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Silicon Valley Bank implosion

<time datetime='2023-03-14 00:00:00 +0000 UTC'>March 14, 2023</time>&nbsp;·&nbsp;2 min&nbsp;·&nbsp;Arjen Lentz

Changed perception of Likelihood & Impact => more Risk?

SVB Risk Black Swan Event

The (sudden) implosion of the Silicon Valley Bank (SVB) that served about half of all VC funded companies in that region of the world has brought some interesting questions to the forefront. And it’s not “how did this happen”. It’s all well and good aiming to prevent fires in the kitchen, but they do happen so we need a contingency plan for that scenario.


Roughly, my questions are:

  1. Does your organisation put its liquid capital with one or with multiple banks?
  2. If multiple, are they truly distinct entities?
  3. What do you rate as the likelihood of one of your banks collapsing? Is it a “Black Swan” type (exceedingly unlikely to happen) event for you, or more likely?
  4. With past observations including SVB, do you think an update of the likelihood assessment would be appropriate?
  5. Do you have a clearly documented section on the impact and treatment of (one of) your organisation’s banks collapsing in your Business Continuity Plan (BCP) ?
  6. Given the adjusted analysis of Likelihood and Impact, has the Risk profile of your organisation changed on this matter? To what level?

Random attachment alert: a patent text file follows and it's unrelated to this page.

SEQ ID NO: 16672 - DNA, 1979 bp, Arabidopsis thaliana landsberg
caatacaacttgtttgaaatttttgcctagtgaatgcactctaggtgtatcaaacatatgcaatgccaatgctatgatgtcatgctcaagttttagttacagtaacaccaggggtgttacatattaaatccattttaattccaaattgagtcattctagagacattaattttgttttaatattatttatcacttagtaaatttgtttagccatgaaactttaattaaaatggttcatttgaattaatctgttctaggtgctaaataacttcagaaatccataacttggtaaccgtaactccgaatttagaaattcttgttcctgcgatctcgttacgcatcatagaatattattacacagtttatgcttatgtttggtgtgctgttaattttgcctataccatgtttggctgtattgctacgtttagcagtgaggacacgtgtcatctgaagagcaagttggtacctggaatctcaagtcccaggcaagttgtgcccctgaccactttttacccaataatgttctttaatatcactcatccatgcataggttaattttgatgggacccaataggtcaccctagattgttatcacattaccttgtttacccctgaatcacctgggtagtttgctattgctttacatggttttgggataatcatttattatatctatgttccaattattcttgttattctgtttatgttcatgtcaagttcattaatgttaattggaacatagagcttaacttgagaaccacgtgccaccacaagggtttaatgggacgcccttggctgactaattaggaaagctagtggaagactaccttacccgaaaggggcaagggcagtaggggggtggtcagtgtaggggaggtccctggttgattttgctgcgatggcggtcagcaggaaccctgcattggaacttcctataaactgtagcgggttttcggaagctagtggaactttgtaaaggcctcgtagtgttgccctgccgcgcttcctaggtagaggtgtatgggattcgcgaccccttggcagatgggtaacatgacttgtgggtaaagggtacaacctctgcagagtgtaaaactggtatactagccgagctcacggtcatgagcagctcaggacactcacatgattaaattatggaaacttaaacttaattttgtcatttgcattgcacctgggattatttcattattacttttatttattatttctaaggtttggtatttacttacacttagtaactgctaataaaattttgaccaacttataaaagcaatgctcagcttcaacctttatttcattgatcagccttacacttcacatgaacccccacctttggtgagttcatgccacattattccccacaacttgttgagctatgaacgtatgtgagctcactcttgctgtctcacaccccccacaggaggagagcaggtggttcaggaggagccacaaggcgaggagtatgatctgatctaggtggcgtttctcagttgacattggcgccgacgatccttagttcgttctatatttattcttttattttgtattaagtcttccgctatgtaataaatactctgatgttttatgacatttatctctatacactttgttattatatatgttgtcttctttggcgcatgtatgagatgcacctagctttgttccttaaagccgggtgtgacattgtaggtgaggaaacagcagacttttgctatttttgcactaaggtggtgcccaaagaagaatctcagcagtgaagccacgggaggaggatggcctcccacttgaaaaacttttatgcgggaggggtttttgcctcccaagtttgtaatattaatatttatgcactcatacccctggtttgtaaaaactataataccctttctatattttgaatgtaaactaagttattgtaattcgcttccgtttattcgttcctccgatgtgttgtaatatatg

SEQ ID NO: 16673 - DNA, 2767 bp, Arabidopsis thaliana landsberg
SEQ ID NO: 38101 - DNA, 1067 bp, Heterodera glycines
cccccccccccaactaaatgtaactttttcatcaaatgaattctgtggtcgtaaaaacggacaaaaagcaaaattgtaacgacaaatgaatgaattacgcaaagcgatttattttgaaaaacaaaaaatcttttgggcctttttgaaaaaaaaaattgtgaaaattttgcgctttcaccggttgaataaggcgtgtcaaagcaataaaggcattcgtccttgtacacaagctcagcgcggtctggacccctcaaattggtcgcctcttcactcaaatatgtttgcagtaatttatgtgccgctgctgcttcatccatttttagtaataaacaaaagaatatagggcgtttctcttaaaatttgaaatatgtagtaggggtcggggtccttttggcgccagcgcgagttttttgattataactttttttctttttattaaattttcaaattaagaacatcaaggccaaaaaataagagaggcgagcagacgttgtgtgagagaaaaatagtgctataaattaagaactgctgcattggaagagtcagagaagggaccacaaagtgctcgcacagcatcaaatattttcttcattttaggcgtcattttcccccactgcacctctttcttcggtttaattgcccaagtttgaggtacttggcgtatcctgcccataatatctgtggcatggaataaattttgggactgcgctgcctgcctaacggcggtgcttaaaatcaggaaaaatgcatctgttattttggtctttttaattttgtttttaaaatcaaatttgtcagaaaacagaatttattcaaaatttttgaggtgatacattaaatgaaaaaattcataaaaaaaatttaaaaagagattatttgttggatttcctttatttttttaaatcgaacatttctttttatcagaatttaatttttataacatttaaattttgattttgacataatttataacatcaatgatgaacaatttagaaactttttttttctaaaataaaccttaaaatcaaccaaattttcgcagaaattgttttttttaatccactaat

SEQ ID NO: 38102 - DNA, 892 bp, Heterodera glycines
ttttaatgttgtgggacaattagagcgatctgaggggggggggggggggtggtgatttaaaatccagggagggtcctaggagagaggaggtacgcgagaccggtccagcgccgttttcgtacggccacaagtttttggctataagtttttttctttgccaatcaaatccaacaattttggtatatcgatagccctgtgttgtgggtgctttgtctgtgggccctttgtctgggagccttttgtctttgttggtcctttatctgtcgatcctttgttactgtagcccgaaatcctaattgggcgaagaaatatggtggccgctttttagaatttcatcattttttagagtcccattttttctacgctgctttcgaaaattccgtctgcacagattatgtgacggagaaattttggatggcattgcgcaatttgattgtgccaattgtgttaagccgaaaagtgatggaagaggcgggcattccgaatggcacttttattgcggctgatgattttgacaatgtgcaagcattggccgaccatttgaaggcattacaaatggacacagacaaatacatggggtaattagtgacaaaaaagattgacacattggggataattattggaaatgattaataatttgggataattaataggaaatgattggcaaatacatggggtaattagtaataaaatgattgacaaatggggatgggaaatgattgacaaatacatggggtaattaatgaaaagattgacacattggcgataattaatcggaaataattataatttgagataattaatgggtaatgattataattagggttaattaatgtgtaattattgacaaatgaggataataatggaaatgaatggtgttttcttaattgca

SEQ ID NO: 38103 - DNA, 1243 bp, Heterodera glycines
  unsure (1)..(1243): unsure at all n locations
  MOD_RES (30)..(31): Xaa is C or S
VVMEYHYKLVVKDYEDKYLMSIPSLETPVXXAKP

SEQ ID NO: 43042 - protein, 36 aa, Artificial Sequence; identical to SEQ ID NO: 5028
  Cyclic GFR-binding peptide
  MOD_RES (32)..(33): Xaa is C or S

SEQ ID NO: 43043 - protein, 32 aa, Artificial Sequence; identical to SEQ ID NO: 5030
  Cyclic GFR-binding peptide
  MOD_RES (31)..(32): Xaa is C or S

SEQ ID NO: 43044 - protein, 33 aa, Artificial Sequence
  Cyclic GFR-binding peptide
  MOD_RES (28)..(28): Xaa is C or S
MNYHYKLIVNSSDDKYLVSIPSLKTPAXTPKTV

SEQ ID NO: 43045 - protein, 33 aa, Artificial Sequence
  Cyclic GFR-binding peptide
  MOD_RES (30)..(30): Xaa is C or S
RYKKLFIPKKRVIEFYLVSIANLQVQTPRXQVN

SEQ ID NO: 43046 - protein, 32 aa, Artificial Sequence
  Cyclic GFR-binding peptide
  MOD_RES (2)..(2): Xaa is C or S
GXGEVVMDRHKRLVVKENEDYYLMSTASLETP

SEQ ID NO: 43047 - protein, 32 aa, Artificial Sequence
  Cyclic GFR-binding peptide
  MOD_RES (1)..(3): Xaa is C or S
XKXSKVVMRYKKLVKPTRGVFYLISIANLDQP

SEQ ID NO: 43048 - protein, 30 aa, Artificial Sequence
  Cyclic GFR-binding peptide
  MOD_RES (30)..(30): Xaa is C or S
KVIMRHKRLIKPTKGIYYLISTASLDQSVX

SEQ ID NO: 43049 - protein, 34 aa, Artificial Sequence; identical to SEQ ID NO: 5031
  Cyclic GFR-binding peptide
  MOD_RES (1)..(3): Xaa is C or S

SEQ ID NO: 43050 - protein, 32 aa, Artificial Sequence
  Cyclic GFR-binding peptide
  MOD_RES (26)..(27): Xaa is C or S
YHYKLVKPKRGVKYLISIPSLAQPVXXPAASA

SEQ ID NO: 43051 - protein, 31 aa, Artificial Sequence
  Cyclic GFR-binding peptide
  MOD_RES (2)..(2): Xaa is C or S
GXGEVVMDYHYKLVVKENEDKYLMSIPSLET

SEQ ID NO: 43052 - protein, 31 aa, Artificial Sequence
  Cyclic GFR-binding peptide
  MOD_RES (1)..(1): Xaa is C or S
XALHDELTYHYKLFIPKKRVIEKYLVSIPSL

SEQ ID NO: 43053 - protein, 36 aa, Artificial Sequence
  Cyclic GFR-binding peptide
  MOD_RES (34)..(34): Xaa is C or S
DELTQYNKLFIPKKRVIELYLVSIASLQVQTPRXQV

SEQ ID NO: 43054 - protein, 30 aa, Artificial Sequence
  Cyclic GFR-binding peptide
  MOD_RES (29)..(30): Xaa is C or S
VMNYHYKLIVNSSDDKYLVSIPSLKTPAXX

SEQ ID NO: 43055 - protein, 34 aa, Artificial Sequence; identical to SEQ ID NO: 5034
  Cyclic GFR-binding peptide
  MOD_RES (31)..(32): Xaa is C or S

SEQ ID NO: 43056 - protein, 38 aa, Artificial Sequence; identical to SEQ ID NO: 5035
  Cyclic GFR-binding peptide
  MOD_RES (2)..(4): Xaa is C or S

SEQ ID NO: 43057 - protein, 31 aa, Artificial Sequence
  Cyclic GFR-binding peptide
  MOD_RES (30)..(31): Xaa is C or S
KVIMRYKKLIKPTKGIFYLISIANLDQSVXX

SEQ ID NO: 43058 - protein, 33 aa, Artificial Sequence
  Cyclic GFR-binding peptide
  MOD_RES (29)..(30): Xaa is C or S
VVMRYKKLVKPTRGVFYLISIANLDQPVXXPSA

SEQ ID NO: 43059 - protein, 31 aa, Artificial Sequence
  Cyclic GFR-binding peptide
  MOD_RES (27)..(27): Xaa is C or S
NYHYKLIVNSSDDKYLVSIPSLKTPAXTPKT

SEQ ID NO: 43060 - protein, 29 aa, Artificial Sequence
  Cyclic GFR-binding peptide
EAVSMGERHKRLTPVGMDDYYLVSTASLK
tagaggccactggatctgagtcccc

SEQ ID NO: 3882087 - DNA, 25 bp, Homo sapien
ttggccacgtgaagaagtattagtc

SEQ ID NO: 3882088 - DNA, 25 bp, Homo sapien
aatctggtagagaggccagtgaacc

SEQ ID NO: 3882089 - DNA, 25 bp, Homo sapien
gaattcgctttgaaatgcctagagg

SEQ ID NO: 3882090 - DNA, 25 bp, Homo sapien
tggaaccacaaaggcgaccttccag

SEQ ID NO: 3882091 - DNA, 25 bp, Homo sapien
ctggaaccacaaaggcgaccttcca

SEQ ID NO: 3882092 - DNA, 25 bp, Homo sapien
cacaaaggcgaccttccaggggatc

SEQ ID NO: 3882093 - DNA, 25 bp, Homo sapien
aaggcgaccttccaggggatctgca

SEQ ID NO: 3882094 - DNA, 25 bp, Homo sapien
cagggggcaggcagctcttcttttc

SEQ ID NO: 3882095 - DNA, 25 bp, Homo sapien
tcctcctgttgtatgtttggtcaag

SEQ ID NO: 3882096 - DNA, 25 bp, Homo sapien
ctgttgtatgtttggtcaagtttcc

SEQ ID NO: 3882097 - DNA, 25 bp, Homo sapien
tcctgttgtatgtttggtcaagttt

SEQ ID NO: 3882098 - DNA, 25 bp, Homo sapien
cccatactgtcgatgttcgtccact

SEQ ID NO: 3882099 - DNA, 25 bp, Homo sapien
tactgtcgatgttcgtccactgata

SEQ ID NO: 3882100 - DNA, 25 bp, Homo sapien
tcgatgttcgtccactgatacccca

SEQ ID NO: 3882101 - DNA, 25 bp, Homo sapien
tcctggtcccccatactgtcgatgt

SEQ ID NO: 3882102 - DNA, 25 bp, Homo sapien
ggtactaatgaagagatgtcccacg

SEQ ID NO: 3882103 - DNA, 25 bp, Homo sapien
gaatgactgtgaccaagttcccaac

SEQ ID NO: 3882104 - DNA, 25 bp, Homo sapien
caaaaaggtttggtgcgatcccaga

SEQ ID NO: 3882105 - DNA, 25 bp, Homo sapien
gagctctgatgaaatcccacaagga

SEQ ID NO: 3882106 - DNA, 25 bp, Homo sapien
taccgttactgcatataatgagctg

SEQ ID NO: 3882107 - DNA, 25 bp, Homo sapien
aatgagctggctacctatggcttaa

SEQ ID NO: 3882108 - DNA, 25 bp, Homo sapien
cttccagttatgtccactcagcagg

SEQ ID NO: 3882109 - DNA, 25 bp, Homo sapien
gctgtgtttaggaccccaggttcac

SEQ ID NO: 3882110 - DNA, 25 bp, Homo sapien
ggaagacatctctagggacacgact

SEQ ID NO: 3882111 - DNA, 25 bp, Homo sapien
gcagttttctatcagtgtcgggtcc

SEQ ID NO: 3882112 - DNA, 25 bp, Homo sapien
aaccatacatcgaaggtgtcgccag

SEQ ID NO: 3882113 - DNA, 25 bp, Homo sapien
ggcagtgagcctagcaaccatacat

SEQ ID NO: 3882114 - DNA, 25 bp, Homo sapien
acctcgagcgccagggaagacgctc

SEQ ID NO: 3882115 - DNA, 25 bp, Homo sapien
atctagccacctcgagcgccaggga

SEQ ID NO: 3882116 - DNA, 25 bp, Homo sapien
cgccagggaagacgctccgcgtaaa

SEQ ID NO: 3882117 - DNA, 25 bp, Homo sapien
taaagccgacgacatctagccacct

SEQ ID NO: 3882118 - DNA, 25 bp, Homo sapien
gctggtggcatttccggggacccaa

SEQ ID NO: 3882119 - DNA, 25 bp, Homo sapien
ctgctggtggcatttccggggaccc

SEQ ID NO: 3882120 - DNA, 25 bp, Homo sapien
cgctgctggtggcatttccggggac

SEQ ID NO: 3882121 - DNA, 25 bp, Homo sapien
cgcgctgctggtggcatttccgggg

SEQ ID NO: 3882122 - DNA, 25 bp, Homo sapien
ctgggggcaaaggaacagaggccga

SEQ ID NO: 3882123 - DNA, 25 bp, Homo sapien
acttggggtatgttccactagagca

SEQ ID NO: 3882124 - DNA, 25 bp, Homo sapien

7. Are you comfortable with that (new) Risk level, or do you want to put in place (new) mitigations?

Adjusted Risk

What it comes down to is that if this event, and a level-headed analysis of your own organisation’s position, leads you to change your opinion towards either Likelihood or Impact being higher than previously thought, then according to your Risk Matrix the Risk will likely also come out higher. It is of course up to your organisation to either accept that higher risk, or to Mitigate it back to a lower acceptable level.

Perception of Likelihood

Now, the fact that something previously considered a Black Swan type event has occurred somewhere, does not mean it is (or becomes) in fact more likely - or less likely, for that matter. That’s not how statistics works.

Nevertheless, panic can be highly contagious. You don’t want to go overboard with your concern, but you do want to remain aware. It is prudent to look at such a scenario again, and see if it actually merits the label “Black Swan”, or a higher Likelihood.